The decoding of generalized Reed-Solomon codes over Galois rings have been widely studied. The unique decoding is treated in [IPE97, Nor99, NSM00, BF01, BF02, Arm02, Arm05c] while the list decoding is investigated in [Arm04, Arm05b, Arm05a, AdT05]. Algebraic geometric over local Artinian rings have also been studied [Wal99a, VW99, WB08] as well as their list decoding [Bar06, WB08].
In fact, when working with nite rings with identity as alphabets for generalized Reed-Solomon codes, their niteness implies the following lemma which allows one to apply the Guruswami-Sudan algorithm over any nite ring as soon as one dispose of practical linear algebra algorithms over the latter.
Lemma. Let n < m be two positive integers and M 2 Mn m(A). Then there exists a nonzero v 2 Am such that M v = 0.
Proof. The matrix M induces a group homomorphism of Am ! An. Its kernel H is a subgroup of Am of cardinality at least jAjm n > 0.
When A is commutative, the previous lemma can also be proven with linear alge-bra techniques, see for example [Bro93, Chapter 5 and Corollary 5.9, page 39]. The Guruswami-Sudan algorithm for generalized Reed-Solomon codes over elds is consti-tuted of two parts. Thanks to the previous lemma it can be applied as is to generalized Reed-Solomon codes over nite rings and commutative rings.
Algorithm 2 Overview of the Guruswami-Sudan algorithm.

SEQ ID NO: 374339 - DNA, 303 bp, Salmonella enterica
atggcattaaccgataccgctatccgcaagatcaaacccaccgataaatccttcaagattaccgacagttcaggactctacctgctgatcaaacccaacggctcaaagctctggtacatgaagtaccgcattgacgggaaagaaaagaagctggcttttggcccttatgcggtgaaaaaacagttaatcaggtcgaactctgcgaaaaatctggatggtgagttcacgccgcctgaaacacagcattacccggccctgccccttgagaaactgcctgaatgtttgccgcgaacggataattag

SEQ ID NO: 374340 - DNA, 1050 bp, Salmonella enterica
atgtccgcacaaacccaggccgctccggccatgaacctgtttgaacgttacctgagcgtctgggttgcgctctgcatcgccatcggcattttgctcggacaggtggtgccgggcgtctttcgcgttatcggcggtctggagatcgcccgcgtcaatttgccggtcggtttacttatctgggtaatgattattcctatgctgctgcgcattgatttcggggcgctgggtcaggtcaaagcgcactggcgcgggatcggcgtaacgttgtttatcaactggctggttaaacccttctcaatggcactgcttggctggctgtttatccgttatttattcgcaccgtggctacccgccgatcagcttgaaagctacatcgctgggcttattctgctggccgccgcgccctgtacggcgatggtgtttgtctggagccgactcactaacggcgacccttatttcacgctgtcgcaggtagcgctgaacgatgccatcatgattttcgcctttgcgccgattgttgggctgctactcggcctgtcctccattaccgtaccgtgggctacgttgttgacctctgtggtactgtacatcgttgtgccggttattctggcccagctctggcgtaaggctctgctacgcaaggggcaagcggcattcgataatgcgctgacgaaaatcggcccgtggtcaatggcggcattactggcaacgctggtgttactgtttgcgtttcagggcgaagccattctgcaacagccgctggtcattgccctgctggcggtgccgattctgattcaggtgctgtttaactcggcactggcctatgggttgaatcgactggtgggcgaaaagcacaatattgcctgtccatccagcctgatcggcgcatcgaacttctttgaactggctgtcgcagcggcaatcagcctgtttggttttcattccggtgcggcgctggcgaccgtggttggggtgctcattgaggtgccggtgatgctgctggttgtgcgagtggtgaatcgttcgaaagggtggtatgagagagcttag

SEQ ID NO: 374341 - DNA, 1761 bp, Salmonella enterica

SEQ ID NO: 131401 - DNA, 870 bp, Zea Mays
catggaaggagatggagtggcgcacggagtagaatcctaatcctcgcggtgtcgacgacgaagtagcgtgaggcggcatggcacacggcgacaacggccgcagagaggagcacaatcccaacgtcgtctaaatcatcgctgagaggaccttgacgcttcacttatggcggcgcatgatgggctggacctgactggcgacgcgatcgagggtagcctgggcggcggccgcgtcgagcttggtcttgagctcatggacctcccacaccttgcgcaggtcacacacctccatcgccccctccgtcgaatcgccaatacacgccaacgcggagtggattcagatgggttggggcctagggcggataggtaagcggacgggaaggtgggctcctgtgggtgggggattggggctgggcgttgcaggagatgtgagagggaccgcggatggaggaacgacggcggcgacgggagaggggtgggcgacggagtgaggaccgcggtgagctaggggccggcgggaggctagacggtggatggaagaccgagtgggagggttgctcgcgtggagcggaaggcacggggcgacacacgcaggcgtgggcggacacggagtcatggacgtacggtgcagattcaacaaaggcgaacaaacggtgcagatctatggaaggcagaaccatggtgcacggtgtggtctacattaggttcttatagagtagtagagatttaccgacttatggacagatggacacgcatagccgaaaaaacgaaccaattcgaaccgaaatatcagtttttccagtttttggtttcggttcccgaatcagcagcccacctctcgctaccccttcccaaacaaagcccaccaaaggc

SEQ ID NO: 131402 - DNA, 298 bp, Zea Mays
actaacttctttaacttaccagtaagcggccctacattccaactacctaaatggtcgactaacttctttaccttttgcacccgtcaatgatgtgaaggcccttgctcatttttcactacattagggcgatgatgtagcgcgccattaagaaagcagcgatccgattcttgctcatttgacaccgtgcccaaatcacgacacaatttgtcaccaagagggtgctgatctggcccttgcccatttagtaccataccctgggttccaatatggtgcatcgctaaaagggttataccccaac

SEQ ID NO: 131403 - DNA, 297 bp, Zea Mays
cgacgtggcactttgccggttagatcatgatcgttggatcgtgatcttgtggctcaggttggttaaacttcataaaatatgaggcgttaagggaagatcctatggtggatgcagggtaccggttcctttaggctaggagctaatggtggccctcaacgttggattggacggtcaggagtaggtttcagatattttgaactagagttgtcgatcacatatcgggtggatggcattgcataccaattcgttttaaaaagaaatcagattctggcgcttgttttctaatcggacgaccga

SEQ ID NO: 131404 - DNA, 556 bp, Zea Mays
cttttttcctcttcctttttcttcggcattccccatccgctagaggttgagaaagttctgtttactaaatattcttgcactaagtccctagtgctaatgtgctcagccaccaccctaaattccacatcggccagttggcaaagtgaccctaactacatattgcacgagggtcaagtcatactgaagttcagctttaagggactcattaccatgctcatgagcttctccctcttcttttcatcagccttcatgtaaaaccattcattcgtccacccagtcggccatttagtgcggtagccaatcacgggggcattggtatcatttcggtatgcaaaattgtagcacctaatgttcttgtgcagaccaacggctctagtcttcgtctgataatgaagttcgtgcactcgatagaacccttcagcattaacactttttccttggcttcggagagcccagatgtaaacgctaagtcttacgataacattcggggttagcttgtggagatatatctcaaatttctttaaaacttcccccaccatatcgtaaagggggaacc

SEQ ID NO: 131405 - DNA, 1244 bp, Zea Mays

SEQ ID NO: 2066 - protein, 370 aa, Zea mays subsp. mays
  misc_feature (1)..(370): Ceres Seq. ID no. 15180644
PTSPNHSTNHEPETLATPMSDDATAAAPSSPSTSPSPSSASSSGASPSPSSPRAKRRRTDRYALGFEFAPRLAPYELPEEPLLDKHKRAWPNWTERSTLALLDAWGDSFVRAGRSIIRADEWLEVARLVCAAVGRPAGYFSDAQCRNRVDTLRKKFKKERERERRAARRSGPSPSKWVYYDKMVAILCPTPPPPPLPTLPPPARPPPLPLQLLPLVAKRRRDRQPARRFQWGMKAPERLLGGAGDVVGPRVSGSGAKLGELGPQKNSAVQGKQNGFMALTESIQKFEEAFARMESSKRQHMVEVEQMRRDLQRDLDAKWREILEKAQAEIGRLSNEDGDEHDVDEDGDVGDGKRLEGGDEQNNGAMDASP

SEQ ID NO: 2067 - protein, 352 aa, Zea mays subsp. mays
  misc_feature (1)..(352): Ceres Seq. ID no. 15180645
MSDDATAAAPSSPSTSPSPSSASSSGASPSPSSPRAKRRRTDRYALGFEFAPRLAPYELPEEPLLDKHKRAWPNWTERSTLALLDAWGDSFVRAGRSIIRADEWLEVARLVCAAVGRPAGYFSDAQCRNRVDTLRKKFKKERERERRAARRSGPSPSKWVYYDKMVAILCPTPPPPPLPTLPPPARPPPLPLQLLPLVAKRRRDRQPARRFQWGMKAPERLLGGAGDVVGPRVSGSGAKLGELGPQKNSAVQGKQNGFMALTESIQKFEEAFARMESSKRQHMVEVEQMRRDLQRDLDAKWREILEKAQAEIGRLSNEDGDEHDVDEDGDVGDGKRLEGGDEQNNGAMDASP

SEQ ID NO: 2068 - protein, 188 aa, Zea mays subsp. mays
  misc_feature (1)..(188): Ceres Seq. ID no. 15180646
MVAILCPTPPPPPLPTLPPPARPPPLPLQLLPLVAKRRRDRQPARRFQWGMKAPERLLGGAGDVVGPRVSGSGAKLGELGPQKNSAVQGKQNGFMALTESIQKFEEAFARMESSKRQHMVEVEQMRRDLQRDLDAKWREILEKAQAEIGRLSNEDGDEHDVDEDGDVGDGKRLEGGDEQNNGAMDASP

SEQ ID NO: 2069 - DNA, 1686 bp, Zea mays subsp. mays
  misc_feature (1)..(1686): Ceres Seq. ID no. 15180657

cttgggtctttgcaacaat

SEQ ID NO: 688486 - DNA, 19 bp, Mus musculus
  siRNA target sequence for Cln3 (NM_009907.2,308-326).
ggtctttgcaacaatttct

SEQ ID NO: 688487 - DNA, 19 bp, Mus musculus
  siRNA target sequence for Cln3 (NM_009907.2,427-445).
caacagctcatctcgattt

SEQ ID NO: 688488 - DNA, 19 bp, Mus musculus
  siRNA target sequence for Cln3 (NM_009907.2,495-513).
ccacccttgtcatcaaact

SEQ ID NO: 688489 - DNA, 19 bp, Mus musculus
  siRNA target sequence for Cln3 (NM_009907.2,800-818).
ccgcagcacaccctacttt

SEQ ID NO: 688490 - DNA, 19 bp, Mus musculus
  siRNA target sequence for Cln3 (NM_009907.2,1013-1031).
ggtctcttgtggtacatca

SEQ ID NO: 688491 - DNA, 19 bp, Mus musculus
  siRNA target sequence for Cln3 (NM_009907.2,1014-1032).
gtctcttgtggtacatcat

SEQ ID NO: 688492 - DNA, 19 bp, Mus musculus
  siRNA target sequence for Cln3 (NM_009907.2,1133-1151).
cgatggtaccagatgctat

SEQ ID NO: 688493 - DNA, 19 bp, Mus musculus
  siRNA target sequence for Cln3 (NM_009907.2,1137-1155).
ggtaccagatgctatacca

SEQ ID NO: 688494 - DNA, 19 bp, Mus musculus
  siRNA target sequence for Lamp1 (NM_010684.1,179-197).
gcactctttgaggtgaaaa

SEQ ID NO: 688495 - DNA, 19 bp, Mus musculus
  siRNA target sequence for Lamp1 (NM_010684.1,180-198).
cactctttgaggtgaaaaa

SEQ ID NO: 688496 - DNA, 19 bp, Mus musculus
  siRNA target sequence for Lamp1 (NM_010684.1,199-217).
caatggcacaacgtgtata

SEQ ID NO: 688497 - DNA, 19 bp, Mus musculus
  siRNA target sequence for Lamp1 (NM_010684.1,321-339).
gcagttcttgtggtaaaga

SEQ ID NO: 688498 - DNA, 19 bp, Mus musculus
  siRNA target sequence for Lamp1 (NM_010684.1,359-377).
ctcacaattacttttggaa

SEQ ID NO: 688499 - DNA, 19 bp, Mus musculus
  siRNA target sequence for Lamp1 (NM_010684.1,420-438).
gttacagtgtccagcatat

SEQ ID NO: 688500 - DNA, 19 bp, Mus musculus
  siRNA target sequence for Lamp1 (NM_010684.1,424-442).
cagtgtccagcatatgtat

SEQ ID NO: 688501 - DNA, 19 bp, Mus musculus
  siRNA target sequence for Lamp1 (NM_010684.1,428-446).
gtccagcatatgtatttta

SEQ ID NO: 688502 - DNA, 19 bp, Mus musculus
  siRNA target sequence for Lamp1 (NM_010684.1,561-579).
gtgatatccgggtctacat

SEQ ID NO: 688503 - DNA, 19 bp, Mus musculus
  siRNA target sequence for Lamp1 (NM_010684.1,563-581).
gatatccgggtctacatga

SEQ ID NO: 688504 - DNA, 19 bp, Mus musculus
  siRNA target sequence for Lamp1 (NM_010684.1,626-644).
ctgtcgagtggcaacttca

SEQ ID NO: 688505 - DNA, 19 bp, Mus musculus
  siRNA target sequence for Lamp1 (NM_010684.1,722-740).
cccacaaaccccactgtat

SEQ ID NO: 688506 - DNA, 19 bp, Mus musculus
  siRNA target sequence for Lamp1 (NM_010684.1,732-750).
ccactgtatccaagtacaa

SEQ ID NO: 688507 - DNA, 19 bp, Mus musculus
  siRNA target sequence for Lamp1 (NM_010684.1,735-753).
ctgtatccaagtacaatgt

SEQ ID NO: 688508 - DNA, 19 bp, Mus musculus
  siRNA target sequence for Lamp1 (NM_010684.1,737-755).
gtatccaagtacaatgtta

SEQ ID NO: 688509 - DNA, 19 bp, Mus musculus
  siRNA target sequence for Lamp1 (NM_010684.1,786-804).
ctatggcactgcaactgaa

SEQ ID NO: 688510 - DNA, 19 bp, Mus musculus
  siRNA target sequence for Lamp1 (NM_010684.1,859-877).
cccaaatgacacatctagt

Input: A received word y 2 An and a decoding radius .
Output: All codewords c 2 An such that d(c; y) .
With linear algebra, nd a bivariate polynomial Q(X; Y ) 2 A[X; Y ] satisfying certain properties.
Find all the roots of Q(X; Y ) seen as a univariate polynomial of (A[X])[Y ].
The maximum decoding radius of the Algorithm can be computed in exactly the same way as in the case of nite elds. It will be shown in this thesis that n n(k 1) 1 is the maximum possible value for the Guruswami-Sudan algorithm, thus reaching the Johnson bound (De nition 15).

### Contributions

Although there have been several papers concerning the unique decoding of generalized Reed-Solomon codes, and more generally other families of codes over rings, no detailed complexities is given. The situation is the same for list decoding. Only one interpolation algorithm is given in [Arm05b] with no complexity. Moreover no root nding algorithm is given. First, in Chapter 1 we give an interpolation algorithm for generalized Reed-Solomon codes over Galois rings and its complexity. It follows the same idea as the interpolation algorithm of [Ale05]. Then in Chapter 2 we give the rst root nding algorithm for the second step of the Guruswami-Sudan algorithm for generalized Reed-Solomon codes over Galois rings and its complexity. We rst give the rst algorithm for root nding of polynomials with coe cients in a local nite commutative ring. We then give an algorithm to nd the roots of bivariate polynomials with coe cients in a Galois ring.